In another life I once made a presentation at a major photographic convention, just at the turn of digital, and indicated as photographers we have always been “on the cutting edge” of technology.
In the beginning we used to shoot only glass plates, then flexible film.
We began with Monochrome Images, who would have thought of colour.
Rangefinder cameras gave way to Single Lens Reflex.
Bulky studio lights gave way to sparkling electronic flash
Formal indoor portraits became rich environmental, tomorrow pictures (as Don Nibbelink coined).
Digital began for us as scanning from negatives and transparencies. Now we think in terms of 61Megapixel sensors and look beyond that.
Not unsurprisingly at the time, a lot of what I said was dismissed as ‘activist nonsense’ by the organisers.
Well.

And as my Tai Chi Master would say,  “If an art is simply a repetition, then it will fade and die.  For the Art  to live on and grow it must find opportunity to express the old in new ways”.

Me, I’m looking forward to our times in the field. To look for and work with the birds again.  To hopefully bring back some new fresh stories of our amazing natural world.

Been delving through the archives of late.  Not much else to do really, amazing to find moments or opportunities with birds that I had overlooked.

White-winged Choughs are a favourite bird. I am happy to spend hours in their company. Many will tell they  find them difficult to photograph. To the contrary, I’ve sat on logs in the forest and have them hunt over the log, around my feet and sit on the log and preen.  Talking all the time.
Choughness is a compelling life.

This one was only a few seconds before the ‘guard’ in the tree. The communal life means they share various activities among the flock. It had been relieved of its sentry duty and wafted down to enjoy a rummage among the leaf-litter.

Looking forward to the ‘Roadmap Ahead’ tomorrow, or as Sean McCaullif said, “With all this social-distancing, what is the point of being a Hermit!”

Remain

Saturday Evening Post #96: Eavesdropping

I don’t know about anyone else, but seriously, I’m seriously over Zooming, Youtube tutorials on just about every subject there is. Youtube product reviews, that are simply biased every which way, and the “We’re all in this together” mantra.  I just don’t get it. The number of vidiotclips I’ve watched on how to make the most of my post-processing, are hardly entertaining, nor that well filled with actual instruction, and a lot of waffling (well, I shouldn’t complain about that too much should I, dear blog reader), and in the end not all that helpful for the types of problems I’m trying to solve. Not everyone is making (thank goodness) 34 frame HDR landscapes.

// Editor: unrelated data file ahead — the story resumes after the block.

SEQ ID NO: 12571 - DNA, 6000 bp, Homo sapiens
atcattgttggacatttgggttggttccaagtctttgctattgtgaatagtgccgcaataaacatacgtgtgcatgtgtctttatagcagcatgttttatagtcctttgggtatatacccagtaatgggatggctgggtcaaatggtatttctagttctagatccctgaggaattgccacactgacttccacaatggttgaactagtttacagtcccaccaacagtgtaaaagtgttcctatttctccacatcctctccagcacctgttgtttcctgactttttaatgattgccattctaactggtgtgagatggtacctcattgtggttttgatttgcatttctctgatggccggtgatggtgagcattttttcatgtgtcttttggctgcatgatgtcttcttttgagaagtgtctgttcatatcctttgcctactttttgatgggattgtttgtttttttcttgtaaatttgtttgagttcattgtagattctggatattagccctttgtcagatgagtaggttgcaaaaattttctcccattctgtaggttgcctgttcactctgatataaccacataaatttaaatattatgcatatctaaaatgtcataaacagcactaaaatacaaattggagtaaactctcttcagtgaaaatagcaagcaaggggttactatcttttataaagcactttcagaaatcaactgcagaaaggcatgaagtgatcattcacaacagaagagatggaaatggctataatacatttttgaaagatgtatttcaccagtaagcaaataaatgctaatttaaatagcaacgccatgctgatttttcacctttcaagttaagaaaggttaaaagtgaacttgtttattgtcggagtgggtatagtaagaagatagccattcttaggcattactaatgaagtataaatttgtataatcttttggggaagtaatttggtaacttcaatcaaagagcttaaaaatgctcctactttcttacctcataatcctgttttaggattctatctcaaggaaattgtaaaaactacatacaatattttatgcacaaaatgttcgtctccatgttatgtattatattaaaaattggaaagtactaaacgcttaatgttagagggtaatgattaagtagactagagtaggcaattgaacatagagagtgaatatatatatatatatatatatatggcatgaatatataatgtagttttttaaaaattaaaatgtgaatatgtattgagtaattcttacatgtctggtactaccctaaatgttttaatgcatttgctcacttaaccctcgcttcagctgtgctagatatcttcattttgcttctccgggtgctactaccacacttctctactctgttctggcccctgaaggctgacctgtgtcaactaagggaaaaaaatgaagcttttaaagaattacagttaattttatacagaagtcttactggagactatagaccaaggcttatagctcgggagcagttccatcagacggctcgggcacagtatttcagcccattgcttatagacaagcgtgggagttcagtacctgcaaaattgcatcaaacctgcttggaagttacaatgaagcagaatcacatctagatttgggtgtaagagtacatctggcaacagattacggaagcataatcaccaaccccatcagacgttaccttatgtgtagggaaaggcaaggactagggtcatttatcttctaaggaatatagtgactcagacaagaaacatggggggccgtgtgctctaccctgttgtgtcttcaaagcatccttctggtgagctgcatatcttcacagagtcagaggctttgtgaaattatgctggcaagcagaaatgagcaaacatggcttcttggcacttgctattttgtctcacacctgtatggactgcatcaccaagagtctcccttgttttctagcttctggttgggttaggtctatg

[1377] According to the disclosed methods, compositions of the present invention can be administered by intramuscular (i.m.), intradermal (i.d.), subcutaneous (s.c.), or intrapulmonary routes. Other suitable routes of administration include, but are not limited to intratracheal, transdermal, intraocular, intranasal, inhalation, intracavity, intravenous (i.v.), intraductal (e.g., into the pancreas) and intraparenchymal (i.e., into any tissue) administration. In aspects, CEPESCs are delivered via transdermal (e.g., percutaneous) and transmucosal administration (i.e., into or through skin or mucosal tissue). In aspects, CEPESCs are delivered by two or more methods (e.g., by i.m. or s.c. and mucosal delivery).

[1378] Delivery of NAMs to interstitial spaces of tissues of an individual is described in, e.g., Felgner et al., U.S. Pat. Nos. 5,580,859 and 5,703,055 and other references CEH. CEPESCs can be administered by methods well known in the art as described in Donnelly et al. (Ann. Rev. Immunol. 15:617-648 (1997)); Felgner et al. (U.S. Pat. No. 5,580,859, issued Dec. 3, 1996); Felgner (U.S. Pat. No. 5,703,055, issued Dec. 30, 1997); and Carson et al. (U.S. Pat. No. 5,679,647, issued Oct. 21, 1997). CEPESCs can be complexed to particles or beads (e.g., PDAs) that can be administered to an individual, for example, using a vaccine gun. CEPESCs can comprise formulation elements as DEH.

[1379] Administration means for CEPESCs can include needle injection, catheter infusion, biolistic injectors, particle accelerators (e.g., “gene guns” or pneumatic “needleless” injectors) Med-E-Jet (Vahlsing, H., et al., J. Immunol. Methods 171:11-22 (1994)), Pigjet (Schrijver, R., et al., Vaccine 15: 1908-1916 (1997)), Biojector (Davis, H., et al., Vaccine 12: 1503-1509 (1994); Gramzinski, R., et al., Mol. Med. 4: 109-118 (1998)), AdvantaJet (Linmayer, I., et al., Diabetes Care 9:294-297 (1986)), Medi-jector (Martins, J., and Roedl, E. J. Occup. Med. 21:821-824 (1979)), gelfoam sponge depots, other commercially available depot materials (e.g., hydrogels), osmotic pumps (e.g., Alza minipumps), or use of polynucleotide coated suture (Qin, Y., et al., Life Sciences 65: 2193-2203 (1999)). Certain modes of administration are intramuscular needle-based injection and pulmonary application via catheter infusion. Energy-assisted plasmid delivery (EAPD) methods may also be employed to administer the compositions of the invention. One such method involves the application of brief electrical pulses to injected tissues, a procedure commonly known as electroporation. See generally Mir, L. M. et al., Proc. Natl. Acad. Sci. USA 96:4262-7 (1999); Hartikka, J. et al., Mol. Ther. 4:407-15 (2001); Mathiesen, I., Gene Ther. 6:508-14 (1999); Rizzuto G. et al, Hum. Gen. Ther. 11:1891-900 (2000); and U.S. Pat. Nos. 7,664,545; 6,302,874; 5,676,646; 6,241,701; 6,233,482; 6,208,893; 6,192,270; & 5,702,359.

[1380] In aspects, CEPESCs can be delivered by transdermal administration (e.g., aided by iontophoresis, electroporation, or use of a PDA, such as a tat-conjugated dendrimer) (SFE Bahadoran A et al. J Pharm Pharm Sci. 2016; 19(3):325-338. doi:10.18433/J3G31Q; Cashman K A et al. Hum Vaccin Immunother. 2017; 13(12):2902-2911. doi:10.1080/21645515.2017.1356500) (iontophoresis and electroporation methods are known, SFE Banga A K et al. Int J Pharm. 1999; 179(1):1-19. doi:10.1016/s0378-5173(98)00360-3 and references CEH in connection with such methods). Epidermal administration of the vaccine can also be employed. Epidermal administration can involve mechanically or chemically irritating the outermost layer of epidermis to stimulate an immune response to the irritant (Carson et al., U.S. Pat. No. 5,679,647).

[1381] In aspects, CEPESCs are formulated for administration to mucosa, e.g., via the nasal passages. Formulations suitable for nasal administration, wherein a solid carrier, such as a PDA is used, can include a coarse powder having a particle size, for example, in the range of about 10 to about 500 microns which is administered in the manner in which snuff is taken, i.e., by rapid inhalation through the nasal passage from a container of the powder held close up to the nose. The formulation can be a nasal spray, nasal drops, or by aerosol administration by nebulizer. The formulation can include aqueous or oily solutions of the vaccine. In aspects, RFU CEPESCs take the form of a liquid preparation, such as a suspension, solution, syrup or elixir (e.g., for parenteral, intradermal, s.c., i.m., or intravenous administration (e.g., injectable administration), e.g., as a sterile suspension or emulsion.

Joe McNally said it best, ” Post is not a hospital for poor camera handling technique.”

Must be the weather, or it’s hard to be a non-photographing photographer, or perhaps a non-plumbing plumber, we just can’t get out to our subjects, (well ok, a plumber can do emergency calls)

Eavesdropping is different.  Listening to two totally invovled photographers in discussion about many elements of the craft, and little snippets of value seem to drift out, hoping to be cherished beyond the intimate discussion, and landing every so vapour-like on an eager ear. Something to build on.  Or perhaps, slipping slowly across the void, hitting the wall or ceiling and lost forever.

We, EE, I and David Nice, have spent many hours with the nesting kites and their energetic young. It’s like eavesdropping on their lives. Waiting for an instant that is more than just another kite shot, but a real insight into their lives, a sensitivity for the moment. Learning a little about what it’s like to be a Black-shouldered Kite. I spoke with a long time friend today, about the excitement of being close enough to see the feathers rise and fall as the bird breathes.  You don’t get that on vidiot.:-)

Here is one snippet that I meant to publish when I spoke of Rodney Smith in Saturday Evening Post #93, Speaking Privately.
You can see the full text here. But here is the eavesdropped version.

Rodney was photographing the Chief Executive Officer for a corporation.
He says, “I’d learned over the years that the play for power and control was simply fear… if you could earn their trust, they were willing to be truly vulnerable and powerful subjects.
The CEO walked in and said, “I’m very busy, let’s get this over as soon as possible.”
Everybody, the people who hired the people who hired me are sweating.  Time is motionless.
Smith asks him to stand in one place, look directly at the camera, takes one picture and says, “Ok, that’s it, you can go now.”

Subject says, “Are you serious? That’s it”.

Smith replies, “I believe you have a competent picture equal to the effort you’ve put in to that experience and I’m willing to accommodate your need for speed. If you have some time in the future, and are willing, together we can produce something of far more substance, but now, that one frame will be enough.”

He leaves, everyone else leaves (quietly), Smith packs up and heads down the hallway.
Just about out, and the secretary says “He would love to see you in his office.” Smith is then shown some photos of houses that the CEO owns, and offers that he would love to be photographed in one of those locations where he would have more time.